These two fabrics, although they would never be confused with each other side by side and up close, read from a distance as being very similar. Not identical mind you, but similar enough that if you aren’t paying attention, the eye confuses the two. Dragon Princess is busy and aggressively pink so this is not a bad thing. A design this violent can benefit from using the same fabrics over and over, despite it being made of scraps.

Center Block Blues

Once the bunnykin fabric was pinned, it was time to do the center block in the fashion face. You may recall that I had two pieces of fabric that I wanted to use, a very mod sixties pattern and a much more sedate medium pink with a red rose on it.

Alas, Dragon Princess was her capricious self. I could not cut up and sew the sixties fabric back together to make a rectangle that was large enough to pin down, with the raw edges folded under all around. I went so far as to mark and trim this scrap. I trimmed it as I knew I had to, in order to sew it back together. The piece was close enough in size to what I needed that I couldn’t eyeball it.

So I carefully marked it and cut off a strip, planning to sew it back on at the angled side and of course, the finished size wasn’t big enough. This was immensely frustrating as I really like this scrap, I will never see its like again, and it could have been showcased, very nicely, just as it was in some other NotQuilt. Not anymore, at least not as a piece quite as large as it had been.

The pink with a rose was large enough, but when laid on Dragon Princess, with everything else finished, it read as too dark. The pink wasn’t light enough and the rose read as a hole.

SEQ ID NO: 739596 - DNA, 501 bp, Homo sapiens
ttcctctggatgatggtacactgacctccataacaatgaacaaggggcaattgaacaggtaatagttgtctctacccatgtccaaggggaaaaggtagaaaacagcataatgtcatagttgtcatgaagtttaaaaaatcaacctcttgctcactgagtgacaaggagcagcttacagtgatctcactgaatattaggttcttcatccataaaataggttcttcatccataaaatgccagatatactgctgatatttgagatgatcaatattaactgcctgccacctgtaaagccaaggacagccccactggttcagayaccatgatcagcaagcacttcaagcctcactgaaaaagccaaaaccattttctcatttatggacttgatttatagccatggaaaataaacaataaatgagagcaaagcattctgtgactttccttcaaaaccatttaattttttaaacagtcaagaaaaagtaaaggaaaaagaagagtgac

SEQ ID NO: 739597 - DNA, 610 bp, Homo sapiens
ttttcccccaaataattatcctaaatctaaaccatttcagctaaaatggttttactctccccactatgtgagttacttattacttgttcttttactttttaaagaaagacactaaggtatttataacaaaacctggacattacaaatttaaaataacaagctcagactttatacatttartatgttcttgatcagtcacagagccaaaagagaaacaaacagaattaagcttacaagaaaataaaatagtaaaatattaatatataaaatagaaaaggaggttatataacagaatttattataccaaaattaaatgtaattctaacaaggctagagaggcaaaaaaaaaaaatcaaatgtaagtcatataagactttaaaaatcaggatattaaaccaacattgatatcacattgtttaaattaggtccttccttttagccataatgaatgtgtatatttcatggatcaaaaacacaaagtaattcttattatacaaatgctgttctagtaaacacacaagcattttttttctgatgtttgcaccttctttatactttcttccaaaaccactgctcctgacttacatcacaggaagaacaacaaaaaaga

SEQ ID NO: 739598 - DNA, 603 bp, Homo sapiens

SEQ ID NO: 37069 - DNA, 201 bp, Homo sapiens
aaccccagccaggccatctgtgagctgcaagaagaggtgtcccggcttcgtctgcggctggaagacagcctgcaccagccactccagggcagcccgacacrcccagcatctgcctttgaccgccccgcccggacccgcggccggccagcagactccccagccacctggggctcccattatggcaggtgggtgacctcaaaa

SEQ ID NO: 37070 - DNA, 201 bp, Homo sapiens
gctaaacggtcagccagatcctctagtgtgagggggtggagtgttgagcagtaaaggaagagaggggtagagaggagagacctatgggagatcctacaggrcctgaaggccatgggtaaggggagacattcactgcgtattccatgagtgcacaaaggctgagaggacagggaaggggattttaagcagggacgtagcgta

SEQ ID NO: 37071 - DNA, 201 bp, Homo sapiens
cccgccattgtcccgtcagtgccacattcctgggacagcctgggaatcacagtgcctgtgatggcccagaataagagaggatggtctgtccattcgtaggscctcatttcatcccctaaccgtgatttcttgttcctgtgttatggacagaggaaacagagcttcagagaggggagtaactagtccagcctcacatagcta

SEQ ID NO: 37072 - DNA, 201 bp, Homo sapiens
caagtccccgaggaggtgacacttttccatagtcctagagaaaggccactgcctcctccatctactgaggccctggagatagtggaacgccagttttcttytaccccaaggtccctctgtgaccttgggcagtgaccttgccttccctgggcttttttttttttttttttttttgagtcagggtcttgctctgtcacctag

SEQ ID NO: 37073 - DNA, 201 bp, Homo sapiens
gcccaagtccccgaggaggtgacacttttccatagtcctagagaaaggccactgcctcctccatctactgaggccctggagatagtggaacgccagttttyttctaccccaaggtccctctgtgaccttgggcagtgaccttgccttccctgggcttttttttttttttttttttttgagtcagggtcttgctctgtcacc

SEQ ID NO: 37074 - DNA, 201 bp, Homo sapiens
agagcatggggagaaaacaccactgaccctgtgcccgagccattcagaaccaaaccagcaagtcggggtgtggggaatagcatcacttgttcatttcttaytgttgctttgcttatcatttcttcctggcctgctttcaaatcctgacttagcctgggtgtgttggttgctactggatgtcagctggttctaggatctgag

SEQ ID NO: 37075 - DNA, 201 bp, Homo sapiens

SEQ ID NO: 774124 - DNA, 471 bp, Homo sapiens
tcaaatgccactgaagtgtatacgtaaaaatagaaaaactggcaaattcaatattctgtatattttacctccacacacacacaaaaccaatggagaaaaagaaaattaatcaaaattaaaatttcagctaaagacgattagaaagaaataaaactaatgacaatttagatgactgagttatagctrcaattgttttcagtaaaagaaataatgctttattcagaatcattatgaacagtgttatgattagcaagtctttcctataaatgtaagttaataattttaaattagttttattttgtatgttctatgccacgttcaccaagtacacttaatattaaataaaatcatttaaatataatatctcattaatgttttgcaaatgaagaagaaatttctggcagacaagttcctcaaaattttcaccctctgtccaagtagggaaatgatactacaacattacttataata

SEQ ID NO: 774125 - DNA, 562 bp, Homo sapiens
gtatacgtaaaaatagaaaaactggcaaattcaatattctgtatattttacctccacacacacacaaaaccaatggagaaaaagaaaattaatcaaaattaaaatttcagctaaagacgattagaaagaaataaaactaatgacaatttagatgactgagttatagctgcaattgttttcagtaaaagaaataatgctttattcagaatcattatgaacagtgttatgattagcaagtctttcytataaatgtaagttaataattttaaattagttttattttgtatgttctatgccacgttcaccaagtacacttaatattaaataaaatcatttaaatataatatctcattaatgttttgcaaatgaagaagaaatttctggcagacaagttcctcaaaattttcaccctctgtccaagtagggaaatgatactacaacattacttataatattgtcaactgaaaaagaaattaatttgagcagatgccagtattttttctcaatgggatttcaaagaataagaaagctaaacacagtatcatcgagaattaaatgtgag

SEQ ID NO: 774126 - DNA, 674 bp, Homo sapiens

Back to the scrap box. I have, as noted earlier, very little pink left that would be suitable. Nothing seemed to work so I went further afield. I have – given to me – a very large piece of blowsy pink cabbage roses. These roses are various shades of pink, ranging from dark to light and have darkish green leaves, a shade that doesn’t show up much in Dragon Princess other than in the parasols and on the maidens’ dresses.

The two blousy pink cabbage roses are in positions 2 and 4 in this square.

This particular piece demonstrates value and how one section can read as being very different from another. From a distance, the blowsy cabbage roses read as a medium dark pink. Up close, I could see that some sections were quite a bit lighter than others. So I cut my last two rectangles from the lightest portions of the cabbage roses and sewed them down. They look all right. Not what I had hoped for, but they will do. The center block is darker overall than I originally planned, but oh well.

Having these last two rectangles torn, pinned, and sewed down means that Dragon Princess is ready for the final steps. I will fill in the outermost edges with solid fabric; most likely purple if I can dig up enough and then use the dark pink butterflies as a binding. I don’t remember how much solid purple (or pink) fabric I have left. The stash will decide what the outermost edge will be. It won’t be very wide, a line of color no more than three to four inches wide at best. This line of color may not even remain the same color all the way around.

Back to the fabric pile …

At this point, I know that I just want to get done, and I don’t want to fancy up the outermost border by cutting a few dozen more rectangles and sewing each and every one down. Why do that to myself? Dragon Princess has been more than enough trouble already.